• Strategic contacts without activities for the last 6 months
  • Contacts for top tier accounts in one city combined with contacts for top tier & important accounts in another city

The last one may seem random, but the more you explore the alias filter the more you will be glad you did.

I hope you enjoy!

 

 

17Feb

CRM 2013 – Copying a Process

Within CRM 2013, processes are incredible.  Since they are great time savers for users, I typically get a lot of positive feedback regarding them.

One feature missing from CRM 2013 is the ability to copy an existing process; however, there is a nice work-around we’ll explore today.  If you are like me and create some fairly in-depth processes, then copying a process should hopefully save you some time.  Let’s walk through how to copy a process:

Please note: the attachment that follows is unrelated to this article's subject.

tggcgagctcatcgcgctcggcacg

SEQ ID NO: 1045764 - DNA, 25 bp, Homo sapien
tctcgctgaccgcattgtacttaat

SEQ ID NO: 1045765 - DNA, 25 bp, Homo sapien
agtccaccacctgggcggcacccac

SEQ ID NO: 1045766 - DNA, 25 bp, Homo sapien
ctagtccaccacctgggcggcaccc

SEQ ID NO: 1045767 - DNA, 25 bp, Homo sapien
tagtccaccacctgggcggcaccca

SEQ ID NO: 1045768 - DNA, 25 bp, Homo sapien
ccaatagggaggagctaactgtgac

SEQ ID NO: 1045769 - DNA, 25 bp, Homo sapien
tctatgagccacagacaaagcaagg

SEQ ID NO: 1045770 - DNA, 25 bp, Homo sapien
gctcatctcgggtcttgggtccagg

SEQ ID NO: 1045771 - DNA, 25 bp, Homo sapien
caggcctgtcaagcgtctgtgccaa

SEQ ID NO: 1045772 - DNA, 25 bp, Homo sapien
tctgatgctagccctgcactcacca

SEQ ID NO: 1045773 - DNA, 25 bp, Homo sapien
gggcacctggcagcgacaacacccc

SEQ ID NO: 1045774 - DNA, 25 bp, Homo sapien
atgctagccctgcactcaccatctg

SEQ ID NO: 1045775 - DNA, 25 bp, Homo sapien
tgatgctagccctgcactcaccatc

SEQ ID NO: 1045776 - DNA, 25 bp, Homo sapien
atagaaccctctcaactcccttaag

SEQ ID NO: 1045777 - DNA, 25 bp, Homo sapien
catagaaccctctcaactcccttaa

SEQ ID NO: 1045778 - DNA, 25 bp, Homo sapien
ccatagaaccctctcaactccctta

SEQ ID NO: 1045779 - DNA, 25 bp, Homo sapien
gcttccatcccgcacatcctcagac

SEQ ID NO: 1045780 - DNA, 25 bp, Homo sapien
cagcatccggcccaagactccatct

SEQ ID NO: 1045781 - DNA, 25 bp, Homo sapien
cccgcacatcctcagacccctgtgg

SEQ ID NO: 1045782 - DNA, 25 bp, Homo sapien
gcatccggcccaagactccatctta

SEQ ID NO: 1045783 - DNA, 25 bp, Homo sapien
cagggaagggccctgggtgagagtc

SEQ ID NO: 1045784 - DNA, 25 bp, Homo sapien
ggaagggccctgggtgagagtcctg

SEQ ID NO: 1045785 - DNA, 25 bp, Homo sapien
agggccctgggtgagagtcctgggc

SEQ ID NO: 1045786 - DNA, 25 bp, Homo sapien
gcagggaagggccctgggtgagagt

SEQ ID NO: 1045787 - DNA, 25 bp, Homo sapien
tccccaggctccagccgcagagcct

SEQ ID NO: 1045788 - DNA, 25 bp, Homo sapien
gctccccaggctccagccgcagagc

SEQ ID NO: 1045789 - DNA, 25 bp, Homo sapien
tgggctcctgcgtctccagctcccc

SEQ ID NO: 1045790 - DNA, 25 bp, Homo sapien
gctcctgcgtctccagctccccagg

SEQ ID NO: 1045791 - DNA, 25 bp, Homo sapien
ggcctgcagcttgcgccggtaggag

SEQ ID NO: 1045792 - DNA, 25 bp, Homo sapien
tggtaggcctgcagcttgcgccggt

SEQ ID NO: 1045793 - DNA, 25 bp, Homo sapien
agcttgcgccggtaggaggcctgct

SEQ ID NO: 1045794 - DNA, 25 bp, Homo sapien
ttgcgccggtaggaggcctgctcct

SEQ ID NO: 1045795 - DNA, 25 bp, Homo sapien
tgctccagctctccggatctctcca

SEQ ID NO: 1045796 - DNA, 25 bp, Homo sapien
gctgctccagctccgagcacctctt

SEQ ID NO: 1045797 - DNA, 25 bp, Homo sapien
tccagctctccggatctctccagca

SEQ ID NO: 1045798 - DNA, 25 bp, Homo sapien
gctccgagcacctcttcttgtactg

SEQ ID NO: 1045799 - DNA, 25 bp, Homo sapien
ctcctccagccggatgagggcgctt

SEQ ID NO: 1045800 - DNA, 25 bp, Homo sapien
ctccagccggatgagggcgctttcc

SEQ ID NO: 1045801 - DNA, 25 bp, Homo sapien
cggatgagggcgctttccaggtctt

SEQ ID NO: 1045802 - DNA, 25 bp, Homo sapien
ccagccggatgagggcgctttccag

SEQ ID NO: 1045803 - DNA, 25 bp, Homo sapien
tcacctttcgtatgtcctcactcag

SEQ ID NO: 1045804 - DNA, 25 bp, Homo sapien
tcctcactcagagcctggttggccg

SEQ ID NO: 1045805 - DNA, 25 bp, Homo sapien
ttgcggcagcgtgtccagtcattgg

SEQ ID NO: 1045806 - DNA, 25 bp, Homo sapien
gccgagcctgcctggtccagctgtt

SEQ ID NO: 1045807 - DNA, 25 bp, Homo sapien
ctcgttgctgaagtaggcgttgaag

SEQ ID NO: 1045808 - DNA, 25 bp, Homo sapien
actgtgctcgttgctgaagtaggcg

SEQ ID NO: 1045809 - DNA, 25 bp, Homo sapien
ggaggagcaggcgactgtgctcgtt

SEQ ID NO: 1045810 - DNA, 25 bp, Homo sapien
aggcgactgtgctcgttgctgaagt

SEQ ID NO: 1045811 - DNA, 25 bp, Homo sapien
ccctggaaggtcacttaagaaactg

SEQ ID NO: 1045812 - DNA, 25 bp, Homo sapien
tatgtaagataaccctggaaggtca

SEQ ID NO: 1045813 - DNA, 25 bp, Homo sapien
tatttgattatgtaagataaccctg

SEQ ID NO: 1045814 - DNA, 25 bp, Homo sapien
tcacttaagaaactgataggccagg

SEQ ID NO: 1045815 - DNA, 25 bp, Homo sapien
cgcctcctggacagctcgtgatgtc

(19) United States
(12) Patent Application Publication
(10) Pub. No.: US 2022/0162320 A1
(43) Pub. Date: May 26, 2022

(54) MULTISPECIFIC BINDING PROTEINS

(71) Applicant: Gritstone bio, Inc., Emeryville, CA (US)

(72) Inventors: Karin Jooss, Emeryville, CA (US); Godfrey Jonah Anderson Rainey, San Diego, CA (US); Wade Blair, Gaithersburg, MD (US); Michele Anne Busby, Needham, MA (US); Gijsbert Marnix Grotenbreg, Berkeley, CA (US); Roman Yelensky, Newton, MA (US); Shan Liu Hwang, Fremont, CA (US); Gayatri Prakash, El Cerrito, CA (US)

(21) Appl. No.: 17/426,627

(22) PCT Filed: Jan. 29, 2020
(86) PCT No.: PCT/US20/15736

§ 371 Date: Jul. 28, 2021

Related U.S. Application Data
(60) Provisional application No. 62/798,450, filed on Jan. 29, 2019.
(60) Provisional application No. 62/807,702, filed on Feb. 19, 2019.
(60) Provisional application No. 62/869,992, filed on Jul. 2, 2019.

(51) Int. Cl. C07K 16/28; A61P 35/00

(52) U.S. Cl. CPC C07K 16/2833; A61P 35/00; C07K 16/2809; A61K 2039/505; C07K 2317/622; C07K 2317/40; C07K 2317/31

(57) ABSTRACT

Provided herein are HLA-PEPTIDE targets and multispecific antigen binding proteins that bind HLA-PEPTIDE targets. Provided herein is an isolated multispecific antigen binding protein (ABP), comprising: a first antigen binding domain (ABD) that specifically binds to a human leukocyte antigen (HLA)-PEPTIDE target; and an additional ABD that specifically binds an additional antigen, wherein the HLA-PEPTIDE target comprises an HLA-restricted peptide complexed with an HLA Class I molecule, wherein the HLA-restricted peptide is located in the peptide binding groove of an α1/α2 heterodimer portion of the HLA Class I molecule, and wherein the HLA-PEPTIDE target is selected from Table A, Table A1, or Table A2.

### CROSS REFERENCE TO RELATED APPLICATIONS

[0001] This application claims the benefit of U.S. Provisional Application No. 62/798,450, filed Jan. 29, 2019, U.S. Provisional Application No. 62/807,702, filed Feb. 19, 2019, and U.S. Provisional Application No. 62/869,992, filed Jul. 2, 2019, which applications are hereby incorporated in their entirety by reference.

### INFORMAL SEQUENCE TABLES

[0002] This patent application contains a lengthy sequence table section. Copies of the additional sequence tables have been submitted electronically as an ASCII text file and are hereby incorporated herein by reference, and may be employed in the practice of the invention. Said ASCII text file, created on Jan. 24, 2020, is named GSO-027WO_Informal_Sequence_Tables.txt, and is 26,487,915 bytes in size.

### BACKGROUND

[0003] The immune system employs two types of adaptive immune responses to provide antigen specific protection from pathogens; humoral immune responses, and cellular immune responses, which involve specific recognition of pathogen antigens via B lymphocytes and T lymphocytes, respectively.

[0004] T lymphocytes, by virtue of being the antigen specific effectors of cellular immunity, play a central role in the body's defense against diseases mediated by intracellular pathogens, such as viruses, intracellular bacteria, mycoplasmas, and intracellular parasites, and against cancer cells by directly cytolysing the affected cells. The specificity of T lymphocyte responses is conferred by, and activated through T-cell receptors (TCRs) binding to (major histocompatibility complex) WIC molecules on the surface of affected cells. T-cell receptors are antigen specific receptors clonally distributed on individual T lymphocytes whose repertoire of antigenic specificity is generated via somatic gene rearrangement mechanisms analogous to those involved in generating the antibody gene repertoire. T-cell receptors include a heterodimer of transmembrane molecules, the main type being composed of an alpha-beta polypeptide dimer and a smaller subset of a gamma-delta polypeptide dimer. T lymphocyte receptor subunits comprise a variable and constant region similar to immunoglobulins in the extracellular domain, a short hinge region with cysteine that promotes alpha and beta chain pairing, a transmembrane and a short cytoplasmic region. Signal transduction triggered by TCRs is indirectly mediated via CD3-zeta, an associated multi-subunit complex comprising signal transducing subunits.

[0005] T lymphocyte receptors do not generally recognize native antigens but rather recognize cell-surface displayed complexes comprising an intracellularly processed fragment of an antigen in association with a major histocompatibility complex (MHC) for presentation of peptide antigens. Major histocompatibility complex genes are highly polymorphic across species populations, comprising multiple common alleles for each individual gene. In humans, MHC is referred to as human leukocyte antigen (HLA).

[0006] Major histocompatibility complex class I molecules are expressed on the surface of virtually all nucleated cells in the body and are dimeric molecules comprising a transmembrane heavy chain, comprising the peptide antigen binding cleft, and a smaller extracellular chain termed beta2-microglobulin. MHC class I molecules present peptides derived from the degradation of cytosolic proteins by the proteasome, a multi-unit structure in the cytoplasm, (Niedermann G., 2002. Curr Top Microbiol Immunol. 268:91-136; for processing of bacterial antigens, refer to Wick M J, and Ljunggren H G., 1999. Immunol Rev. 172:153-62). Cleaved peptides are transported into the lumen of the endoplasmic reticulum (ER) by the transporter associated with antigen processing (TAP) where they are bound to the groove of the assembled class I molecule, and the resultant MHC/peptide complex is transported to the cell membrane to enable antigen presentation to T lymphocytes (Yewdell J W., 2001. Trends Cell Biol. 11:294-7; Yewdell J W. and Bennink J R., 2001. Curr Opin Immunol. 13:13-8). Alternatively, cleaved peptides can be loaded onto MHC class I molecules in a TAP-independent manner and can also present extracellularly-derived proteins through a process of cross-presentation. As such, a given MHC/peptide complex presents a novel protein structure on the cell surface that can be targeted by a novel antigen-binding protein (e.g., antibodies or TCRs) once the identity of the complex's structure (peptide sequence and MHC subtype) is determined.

Copying a Process Step-by-Step

  • First, open the Process you want to duplicate:
    Copying a Process: Opening the Process to Duplicate

    Notice the “Activate As” field

    Read More »

14Feb

CRM DevTools Extension by Sonoma Partners

Blake Scarlavai over at Sonoma Partners built a very cool Chrome add-in called CRM DevTools.  This applies to CRM 2011 UR12+ and CRM 2013 and allows you to quickly find the record’s GUID without having to remember Xrm.Page.data.entity.getId() or typing any of this into the console directly.  The tool also allows you to execute fetch and see the results.  This is a great time saver and something everyone should have in their toolbox.

Here’s an excerpt:

CRM DevTools

CRM DevTools is an extension to Google Chrome which can be found here in the Chrome web store.  This extension provides a variety of tools to help optimize customizing and troubleshooting within Dynamics CRM.

Form Information

CRM DevTools - Form Information